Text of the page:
(Corrects paragraph 13 of March 18 story to fix spelling to
"IHS", from "HIS")
* Posts tenth straight quarterly loss in fourth quarter
* Sees breaking even in 2nd-qtr, Sees profit in 3rd-qtr
* Sees higher shipments, margins in 2014 as China
* Says has 1 GW worth of power plant projects across China
* Shares fall as much as 13 pct
By Swetha Gopinath
March 18 Yingli Green Energy Holding Co Ltd
said it expects to return to profitability only in the
third quarter, a year later than its rivals, as it sells panels
at lower prices to gain market share.
Yingli's shares fell as much as 13.3 percent on Tuesday
after the world's largest panel supplier by volumes posted its
tenth straight quarterly loss.
A recovery in solar panel prices after a four year slump has
helped Yingli's rivals such as Trina Solar Ltd, JA Solar
Holdings Co Ltd post profits in recent quarters, while
JinkoSolar Holding Co Ltd posted a profit last August.
"Yingli are a little bit more aggressive with their pricing
versus their competition so they give up a little bit of gross
margin on that front," said Ardour Capital Investments analyst
Yingli's average selling price was about 63-64 cents per
watt in the fourth quarter ended Dec. 31, lower than Trina's
average price of 66 cents per watt in the same period.
However, Yingli said on Tuesday it expected its solar panel
shipments to rise by as much as a third this year, as it shifts
focus to sell more to solar markets, besides China. That would
help speed up its return to profitability.
"We expect our company to break even at the end of the
second quarter and start making profits in early third quarter,"
a Yingli executive said on a conference call with analysts.
That is faster than what Wall Street expected. Analysts on
average were expecting the company to post a profit in the
fourth quarter, according to Thomson Reuters I/B/E/S.
HIGHER SHIPMENTS, MARGINS
Analysts have said Yingli's heavy costs to service its debt,
investments in research and development and higher fixed costs
than its rivals were also contributing to the company's losses.
"I think the cost of Yingli's debt is the main reason for
continued net losses," said IHS analyst Stefan de Haan,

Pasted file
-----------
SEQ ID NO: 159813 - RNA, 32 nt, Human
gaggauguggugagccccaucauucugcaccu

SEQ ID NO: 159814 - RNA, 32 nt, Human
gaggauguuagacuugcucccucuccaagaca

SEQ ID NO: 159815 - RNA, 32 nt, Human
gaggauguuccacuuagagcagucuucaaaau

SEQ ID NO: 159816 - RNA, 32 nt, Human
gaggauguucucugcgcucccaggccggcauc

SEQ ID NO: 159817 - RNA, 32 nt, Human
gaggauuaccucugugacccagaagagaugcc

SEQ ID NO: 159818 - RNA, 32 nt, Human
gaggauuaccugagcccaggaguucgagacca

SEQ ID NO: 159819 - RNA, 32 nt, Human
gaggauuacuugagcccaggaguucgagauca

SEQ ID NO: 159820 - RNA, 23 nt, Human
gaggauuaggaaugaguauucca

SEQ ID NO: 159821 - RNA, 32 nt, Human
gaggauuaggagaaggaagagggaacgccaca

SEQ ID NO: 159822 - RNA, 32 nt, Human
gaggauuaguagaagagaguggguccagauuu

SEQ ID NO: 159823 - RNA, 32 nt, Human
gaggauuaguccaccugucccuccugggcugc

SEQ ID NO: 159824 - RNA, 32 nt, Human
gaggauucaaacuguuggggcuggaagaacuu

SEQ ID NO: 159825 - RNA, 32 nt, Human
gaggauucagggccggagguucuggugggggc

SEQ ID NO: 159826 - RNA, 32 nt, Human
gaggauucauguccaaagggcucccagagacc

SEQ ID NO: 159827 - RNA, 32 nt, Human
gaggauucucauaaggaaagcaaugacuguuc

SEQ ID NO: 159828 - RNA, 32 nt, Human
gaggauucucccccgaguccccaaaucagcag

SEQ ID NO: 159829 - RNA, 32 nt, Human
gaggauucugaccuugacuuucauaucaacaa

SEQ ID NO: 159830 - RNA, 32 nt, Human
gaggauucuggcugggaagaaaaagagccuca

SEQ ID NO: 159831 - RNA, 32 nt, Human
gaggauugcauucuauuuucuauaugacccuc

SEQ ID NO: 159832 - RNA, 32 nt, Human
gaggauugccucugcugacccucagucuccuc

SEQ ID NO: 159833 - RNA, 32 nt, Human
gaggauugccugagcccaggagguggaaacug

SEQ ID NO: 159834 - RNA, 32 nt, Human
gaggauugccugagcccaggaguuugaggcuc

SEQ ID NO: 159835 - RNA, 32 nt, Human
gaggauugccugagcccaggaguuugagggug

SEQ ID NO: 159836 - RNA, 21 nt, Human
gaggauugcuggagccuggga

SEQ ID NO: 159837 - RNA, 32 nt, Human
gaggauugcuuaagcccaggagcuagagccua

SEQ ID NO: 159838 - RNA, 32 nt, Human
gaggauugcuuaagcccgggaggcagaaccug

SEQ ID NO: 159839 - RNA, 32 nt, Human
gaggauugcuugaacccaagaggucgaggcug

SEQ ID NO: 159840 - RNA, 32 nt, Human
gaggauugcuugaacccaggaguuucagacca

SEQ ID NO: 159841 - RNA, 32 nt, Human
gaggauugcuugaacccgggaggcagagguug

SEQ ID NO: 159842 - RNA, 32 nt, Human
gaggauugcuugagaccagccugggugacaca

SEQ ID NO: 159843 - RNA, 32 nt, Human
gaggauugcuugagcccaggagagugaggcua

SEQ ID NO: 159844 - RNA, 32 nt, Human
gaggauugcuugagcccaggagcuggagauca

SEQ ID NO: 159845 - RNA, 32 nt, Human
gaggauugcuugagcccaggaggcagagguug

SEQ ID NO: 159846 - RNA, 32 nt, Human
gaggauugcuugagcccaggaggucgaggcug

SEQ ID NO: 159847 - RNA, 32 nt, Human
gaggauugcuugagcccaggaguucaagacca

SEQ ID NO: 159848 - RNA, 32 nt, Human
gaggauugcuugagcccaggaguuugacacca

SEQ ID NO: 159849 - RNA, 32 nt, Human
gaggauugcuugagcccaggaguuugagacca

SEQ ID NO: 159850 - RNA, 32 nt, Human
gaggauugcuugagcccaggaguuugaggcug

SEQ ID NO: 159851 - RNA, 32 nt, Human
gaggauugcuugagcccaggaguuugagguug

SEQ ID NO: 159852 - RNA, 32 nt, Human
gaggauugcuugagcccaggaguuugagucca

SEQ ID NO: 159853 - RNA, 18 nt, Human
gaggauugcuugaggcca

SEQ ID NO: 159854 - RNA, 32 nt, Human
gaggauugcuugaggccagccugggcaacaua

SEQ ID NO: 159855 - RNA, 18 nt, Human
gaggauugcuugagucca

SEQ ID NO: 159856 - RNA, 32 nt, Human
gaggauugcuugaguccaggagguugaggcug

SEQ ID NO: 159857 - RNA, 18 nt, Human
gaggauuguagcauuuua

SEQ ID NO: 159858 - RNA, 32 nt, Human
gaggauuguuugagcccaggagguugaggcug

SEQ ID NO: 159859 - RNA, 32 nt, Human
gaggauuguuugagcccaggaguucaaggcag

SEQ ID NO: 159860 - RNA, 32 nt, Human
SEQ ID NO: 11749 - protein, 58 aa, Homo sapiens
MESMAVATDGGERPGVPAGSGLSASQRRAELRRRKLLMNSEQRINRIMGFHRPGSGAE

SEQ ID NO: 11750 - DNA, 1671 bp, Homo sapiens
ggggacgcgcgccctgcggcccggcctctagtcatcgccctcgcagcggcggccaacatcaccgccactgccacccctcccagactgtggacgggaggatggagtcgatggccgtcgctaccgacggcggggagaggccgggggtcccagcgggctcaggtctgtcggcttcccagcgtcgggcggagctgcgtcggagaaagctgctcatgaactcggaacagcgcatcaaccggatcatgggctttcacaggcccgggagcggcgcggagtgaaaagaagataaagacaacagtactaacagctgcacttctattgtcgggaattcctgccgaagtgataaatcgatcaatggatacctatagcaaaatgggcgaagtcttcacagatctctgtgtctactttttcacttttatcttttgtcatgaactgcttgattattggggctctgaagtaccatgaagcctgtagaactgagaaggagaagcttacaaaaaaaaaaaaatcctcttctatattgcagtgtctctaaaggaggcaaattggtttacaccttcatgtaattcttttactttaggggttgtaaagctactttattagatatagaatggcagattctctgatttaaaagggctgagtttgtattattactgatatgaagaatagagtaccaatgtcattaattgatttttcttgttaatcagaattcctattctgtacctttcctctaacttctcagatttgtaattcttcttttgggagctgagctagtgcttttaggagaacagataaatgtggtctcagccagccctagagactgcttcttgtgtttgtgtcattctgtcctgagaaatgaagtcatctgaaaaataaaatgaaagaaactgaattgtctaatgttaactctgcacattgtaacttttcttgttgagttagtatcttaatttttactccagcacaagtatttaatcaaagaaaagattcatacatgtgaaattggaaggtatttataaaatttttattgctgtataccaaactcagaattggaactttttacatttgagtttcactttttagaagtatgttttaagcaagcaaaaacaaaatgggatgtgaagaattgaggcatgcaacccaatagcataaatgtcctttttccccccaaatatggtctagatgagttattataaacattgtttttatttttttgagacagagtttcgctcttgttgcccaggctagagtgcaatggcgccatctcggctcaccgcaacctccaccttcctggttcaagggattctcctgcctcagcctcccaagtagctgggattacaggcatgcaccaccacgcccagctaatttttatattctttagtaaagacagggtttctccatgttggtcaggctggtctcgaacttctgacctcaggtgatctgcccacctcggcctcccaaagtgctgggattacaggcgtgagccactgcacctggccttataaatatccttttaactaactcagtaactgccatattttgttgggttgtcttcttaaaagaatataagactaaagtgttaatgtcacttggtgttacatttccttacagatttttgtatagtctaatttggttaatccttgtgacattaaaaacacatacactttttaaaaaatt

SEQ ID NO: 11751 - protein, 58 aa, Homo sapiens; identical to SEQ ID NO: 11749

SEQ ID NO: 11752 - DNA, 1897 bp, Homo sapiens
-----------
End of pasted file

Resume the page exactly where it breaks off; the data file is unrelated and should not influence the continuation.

estimating the company's debt was higher than its direct rivals.
Yingli's fixed costs are higher because it's a fully
integrated company, meaning that it makes its own ingots,
wafers, cells and panels unlike competitors who rely on
third-party suppliers for some components, RBC Capital Markets
analyst Shawn Yuan said.
Still, Yingli said it expects to ship 4.0-4.2 gigawatts (GW)
of solar panels this year, up from the 3.2 GW shipped last year,
with a higher contribution from regions other than Europe, the
United States and China - where prices are among the lowest.
Worldwide solar installations are set to rise by double
digits to 40-45 GW in 2014, according to IHS estimates.
Much of that is expected to be driven by power subsidies in
Japan and China's ambitious target to install 14.5 GW of solar
generating capacity this year - close to Finland's entire power
The company's said it expects gross margins to rise to 14-16
percent in the first quarter, when it expects to sell fewer
panels in China, from 12.2 percent in the fourth quarter.
The company's net loss shrank to $128.2 million, or 82 cents
per American depositary share (ADS), in the fourth quarter ended
Dec. 31, from $200.5 million, or $1.28 per ADS, a year earlier.
Revenue rose about 31 percent to $613 million.
Yingli, like its rivals, is also pushing into the
higher-margin business of building solar power plants to lower
its reliance on the highly-competitive business of selling
Yingli said it had 1 GW of power plants projects in
different approval stages across China, of which the
construction of about 400-600 megawatts (MW) is expected to be
complete by the end of this year.
The company has tied up with China National Nuclear Corp and
others to build solar plants and said it was evaluating various
approaches to hold or sell these projects.
Yingli, which is also building 200 MW of utility-scale
projects outside China, said it was pushing into emerging
markets in the sun-belt regions of Africa, the Middle East,
Central and South America.
Solar companies such as SunEdison Inc and SunPower
Corp are looking at retaining some solar plants, rather
than selling them, to spin them off into a separate,
Yingli shares were down 11 percent at $5.25 in afternoon
trading on the New York Stock Exchange. The stock has more than
doubled in the past year amid a broad rally in solar stocks.
(Editing by Saumyadeb Chakrabarty and Savio D'Souza)